Wealthy people would give more if they had more trust in nonprofits and more help from community foundations and financial advisors, so says a new survey from Luxury Institute whose motto is " The Knowledge of Luxury, the Luxery of Knowledge." ( Download key findings in pdf .) Is philanthropy a luxury good? No, but it is probably true that financial advisors who want to market themselves to the wealthy, and get themselves a new Beemer in the process, would do well to treat philanthropic advice as an essential client service.
Getting advisors, causes, and community foundations to collaborate effectively, particularly in working with new money or with blue collar business entrepreneurs is difficult. Advisors and community foundations compete as well as collaborate for assets under management. Advisors look upon giving as part of an overall estate or financial plan, and as a tool or technique of tax reduction. Community foundations and causes think of giving as a transaction to be promoted among those who are cultivated. Community foundations working with established wealth and old line community leadership may be nonplussed by wealth embedded in 7/11s, lumberyards, car washes, beer distributorships, and Rotor Rooter franchises. Nonprofits too, often think of the donor as a "donor," rather than as a parent, business person, or visionary, with his or her own complex situation and capacity to lead. (Nonprofits contrary to the teachings of both Kant and Jesus all too often see donors as means to the nonprofits ends, rather than seeing the nonprofit in service to the donor's ends, or donor and nonprofit as a Kingdom of Ends. The nonprofit wants the donor to give mightily - but not to others, just to them, as if the donor were the cow and they were the milkmaid. What donors want, often, is active agency. They want to lead in their giving as they do in their working lives, not be handled and milked. They want to be active agents whose money and engagement leads to gratifying results, so that there is a feedback loop, and some accountability, as there would be with an investor in an entrepreneurial business.)
If you work with a client from A-Z, from vision of a life and a legacy, through the financial planning, to the gift, and then from the gift to specific projects carried out with the donor's money inside a nonprofit, or via a nonprofit the donor creats, or via a social venture business the client creates, or in cooperation with an activist building a movement, you feel that you have "gone a journey," almost like Marco Polo, through any number of cultures and way stations, where those in the middle journey have never heard of those at either terminus, those at the end points have only the dimmest sense of the middle. Going end to end in a giving project for a client you talk many professional languages, and meet many for whom their "parish"
of professional expertise is the whole world. All the studies I have read, and all my personal experience goes to the conclusion that most who work in philanthropy are like country folk who know only the road they walk daily, and have little interest in walking the longer journey that a human being (call her a client, donor, parent, citizen, visionary, leader, sojourner) must travel to bring vision through money to impact. "That is not my role, not my job, don't get paid, not how we do it," that is what you hear over and over. You quickly see how the compensation systems of advisors, and community foundations, and nonprofit fundraisers make inveterate the habits that lead to the unhappy donors that survey after survey shows. How we get these cultures to collaborate effectively (and sustainably i.e., on a cash flow positive basis) is my central interest these days, one shared with Tracy Gary at Inspired Legacies.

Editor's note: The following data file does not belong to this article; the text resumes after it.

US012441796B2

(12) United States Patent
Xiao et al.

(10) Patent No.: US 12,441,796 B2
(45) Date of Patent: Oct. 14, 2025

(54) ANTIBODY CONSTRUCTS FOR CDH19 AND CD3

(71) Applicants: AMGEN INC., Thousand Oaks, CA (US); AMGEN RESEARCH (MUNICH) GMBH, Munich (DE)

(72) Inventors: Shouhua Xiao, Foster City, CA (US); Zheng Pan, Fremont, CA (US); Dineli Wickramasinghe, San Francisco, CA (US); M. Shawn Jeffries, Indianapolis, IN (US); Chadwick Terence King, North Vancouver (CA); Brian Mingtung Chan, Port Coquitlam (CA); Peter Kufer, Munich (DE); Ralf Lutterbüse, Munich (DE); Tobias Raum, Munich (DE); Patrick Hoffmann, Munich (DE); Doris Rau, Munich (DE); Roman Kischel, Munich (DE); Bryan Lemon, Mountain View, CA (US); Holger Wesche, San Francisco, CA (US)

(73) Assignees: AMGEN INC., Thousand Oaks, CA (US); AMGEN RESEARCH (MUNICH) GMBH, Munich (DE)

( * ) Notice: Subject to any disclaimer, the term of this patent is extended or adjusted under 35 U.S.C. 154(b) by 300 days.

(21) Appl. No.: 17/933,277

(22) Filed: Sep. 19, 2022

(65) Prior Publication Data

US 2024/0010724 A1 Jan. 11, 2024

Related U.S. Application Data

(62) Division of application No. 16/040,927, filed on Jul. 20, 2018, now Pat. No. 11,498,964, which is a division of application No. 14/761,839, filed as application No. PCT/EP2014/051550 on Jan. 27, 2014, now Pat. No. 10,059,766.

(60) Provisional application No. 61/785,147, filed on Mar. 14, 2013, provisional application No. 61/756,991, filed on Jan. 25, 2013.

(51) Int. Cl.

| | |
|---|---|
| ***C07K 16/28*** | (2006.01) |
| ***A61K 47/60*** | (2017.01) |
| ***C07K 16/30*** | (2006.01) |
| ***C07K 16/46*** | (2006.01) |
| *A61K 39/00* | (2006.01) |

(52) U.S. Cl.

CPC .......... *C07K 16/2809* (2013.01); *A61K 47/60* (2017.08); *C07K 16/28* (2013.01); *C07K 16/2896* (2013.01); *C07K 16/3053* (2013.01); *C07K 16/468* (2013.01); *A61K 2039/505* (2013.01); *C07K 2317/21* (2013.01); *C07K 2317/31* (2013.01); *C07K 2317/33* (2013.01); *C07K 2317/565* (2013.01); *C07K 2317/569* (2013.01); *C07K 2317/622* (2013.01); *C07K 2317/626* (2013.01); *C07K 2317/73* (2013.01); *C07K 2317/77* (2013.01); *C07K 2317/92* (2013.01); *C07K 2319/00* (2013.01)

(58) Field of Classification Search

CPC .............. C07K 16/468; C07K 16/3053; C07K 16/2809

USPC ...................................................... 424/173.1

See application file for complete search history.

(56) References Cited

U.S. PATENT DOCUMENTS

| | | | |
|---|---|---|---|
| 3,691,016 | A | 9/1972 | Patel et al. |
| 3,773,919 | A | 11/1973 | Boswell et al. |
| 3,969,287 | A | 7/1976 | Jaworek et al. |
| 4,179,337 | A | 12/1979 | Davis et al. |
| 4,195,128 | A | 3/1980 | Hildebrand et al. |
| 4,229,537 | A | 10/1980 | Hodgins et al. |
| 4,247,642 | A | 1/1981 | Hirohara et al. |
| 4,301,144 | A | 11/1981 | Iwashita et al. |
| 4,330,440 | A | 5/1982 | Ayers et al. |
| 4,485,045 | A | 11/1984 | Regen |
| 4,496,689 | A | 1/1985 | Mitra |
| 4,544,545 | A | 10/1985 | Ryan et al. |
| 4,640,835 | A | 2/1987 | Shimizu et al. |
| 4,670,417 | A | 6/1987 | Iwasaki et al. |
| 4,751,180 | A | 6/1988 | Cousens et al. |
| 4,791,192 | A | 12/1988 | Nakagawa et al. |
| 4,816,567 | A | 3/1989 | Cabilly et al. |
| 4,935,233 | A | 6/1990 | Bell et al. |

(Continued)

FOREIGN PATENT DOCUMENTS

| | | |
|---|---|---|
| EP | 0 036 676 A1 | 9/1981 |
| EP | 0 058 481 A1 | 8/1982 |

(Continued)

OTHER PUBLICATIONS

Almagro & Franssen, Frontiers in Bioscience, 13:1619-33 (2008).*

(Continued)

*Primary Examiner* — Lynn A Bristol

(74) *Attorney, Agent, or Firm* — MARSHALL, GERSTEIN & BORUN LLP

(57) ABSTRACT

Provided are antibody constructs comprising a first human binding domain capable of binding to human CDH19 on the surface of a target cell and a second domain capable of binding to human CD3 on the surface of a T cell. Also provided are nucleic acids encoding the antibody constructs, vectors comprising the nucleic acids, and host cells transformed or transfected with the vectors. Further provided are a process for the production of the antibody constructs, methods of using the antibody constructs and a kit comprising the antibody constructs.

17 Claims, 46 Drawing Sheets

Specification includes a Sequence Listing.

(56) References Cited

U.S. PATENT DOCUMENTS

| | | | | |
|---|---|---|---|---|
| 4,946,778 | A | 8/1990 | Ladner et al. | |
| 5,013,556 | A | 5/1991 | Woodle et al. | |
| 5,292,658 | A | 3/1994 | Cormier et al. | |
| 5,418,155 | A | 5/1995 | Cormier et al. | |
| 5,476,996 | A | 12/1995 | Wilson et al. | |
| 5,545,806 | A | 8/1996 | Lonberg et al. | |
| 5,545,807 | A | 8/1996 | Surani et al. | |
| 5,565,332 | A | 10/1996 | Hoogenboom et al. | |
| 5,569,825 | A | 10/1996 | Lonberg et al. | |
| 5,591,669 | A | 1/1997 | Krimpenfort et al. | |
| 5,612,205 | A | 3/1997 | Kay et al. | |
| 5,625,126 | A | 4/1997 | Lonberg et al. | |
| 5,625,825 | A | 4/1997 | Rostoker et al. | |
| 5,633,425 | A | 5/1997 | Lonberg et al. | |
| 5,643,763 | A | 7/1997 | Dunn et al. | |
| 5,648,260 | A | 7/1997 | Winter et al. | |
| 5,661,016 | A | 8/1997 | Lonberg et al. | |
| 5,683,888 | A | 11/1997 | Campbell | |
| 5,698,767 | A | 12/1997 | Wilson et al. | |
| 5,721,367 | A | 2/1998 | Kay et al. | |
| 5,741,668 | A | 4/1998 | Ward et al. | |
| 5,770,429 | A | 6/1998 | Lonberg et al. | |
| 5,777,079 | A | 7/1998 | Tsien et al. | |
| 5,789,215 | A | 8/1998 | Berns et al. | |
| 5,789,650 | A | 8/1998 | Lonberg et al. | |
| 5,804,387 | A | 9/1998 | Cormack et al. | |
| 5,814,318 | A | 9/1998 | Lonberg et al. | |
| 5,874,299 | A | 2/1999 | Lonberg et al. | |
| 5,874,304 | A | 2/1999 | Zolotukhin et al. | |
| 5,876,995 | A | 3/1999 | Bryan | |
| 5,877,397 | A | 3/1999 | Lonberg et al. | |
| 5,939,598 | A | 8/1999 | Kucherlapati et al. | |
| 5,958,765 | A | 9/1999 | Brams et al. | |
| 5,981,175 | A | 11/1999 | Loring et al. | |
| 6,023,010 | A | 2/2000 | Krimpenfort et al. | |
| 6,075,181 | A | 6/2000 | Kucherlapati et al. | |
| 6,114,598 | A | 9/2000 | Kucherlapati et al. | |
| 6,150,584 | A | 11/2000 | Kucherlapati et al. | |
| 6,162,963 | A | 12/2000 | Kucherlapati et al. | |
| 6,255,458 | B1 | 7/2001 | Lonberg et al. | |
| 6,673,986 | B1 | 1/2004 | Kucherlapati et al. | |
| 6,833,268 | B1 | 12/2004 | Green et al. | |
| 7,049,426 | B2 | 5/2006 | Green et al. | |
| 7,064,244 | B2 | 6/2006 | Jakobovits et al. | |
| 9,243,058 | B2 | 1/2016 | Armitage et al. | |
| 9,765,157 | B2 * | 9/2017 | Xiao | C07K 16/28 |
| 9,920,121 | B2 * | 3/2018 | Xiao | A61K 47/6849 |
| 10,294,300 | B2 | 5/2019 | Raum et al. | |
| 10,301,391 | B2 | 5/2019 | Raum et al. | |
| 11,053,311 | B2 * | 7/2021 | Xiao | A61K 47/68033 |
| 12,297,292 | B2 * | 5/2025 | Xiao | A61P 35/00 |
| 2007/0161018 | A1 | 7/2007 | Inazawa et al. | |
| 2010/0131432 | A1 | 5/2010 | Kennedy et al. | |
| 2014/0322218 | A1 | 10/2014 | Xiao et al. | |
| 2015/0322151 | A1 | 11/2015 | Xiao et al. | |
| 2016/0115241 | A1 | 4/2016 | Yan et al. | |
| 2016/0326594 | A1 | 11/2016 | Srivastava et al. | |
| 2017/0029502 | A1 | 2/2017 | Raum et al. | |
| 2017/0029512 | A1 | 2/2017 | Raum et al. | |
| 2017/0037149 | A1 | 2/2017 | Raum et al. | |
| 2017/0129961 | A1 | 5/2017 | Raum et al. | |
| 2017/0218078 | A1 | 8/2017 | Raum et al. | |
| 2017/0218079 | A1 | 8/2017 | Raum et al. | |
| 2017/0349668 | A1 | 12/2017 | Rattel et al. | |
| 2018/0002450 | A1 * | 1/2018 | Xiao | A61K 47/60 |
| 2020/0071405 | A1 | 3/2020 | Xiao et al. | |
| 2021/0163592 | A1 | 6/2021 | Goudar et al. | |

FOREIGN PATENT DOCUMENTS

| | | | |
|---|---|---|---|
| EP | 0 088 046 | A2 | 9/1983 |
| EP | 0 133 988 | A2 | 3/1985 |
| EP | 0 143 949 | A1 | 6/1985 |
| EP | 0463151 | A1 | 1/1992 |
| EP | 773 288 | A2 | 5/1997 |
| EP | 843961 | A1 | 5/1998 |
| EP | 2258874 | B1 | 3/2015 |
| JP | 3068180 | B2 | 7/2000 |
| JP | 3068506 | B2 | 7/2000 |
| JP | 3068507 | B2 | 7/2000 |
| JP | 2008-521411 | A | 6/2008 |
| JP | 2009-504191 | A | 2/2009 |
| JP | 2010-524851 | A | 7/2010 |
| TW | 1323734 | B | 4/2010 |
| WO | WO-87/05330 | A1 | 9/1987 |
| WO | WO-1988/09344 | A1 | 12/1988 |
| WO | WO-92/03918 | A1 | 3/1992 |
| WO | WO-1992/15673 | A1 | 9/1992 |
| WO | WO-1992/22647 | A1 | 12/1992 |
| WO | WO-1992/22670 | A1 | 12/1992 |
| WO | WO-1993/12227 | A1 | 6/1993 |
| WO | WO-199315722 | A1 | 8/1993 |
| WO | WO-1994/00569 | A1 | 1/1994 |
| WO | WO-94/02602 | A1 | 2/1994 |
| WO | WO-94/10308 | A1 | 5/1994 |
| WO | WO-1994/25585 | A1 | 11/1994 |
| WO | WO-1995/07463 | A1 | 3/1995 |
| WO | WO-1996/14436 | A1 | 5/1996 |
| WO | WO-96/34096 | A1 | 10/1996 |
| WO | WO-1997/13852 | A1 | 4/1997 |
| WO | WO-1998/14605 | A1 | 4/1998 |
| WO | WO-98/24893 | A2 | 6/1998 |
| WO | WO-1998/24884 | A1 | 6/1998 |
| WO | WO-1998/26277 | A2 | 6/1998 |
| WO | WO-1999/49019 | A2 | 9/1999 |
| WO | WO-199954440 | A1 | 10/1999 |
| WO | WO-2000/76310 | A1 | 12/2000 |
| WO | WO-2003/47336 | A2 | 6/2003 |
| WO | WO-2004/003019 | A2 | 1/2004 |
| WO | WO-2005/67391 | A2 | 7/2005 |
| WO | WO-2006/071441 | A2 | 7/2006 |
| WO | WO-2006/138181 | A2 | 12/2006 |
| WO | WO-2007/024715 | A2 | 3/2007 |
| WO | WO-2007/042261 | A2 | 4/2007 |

The business person who figures this all out will get the Beemer. "The knowlege of luxury, the luxury of knowlege." Maybe if we figure it out, and do it right, we might even do some good, unleashing the pent up idealism of our fellow citizens and uplifting our communities. How do I get paid for this? Have not figured it out, and it seems almost obscene to ask when the topic is giving, and helping those in need, but getting others paid royally is the way this work will get done. Until we can show results all around, including the Beemer for the advisor, and the advisory firms, the real givers will be ill-served. You would have to a saint, like Ms. Gary, to lead by example, giving sacrificially in order to encourage others to do the same.
To end on a positive point: Charles Collier of Harvard and Ron Black of LDS Philanthropies are among those who share the vision of philanthropic advisor as a trusted member of a donor's planning team; they see that in doing what is right for the donor's overall financial, estate and gift planning, the team not only stimulates a donor's overall enagement and giving, but garners more, on average, for the fundraiser's institution than could be extracted by a conventional "ask." Some advisors will ask, "What is in it for me?" And we have to answer that, but those who begin by asking the donor, "What can we accomplish in community with your advisors, your family and causes you care about?" will be in the forefront of an emerging profession that may yet transform our sector and the world for the better.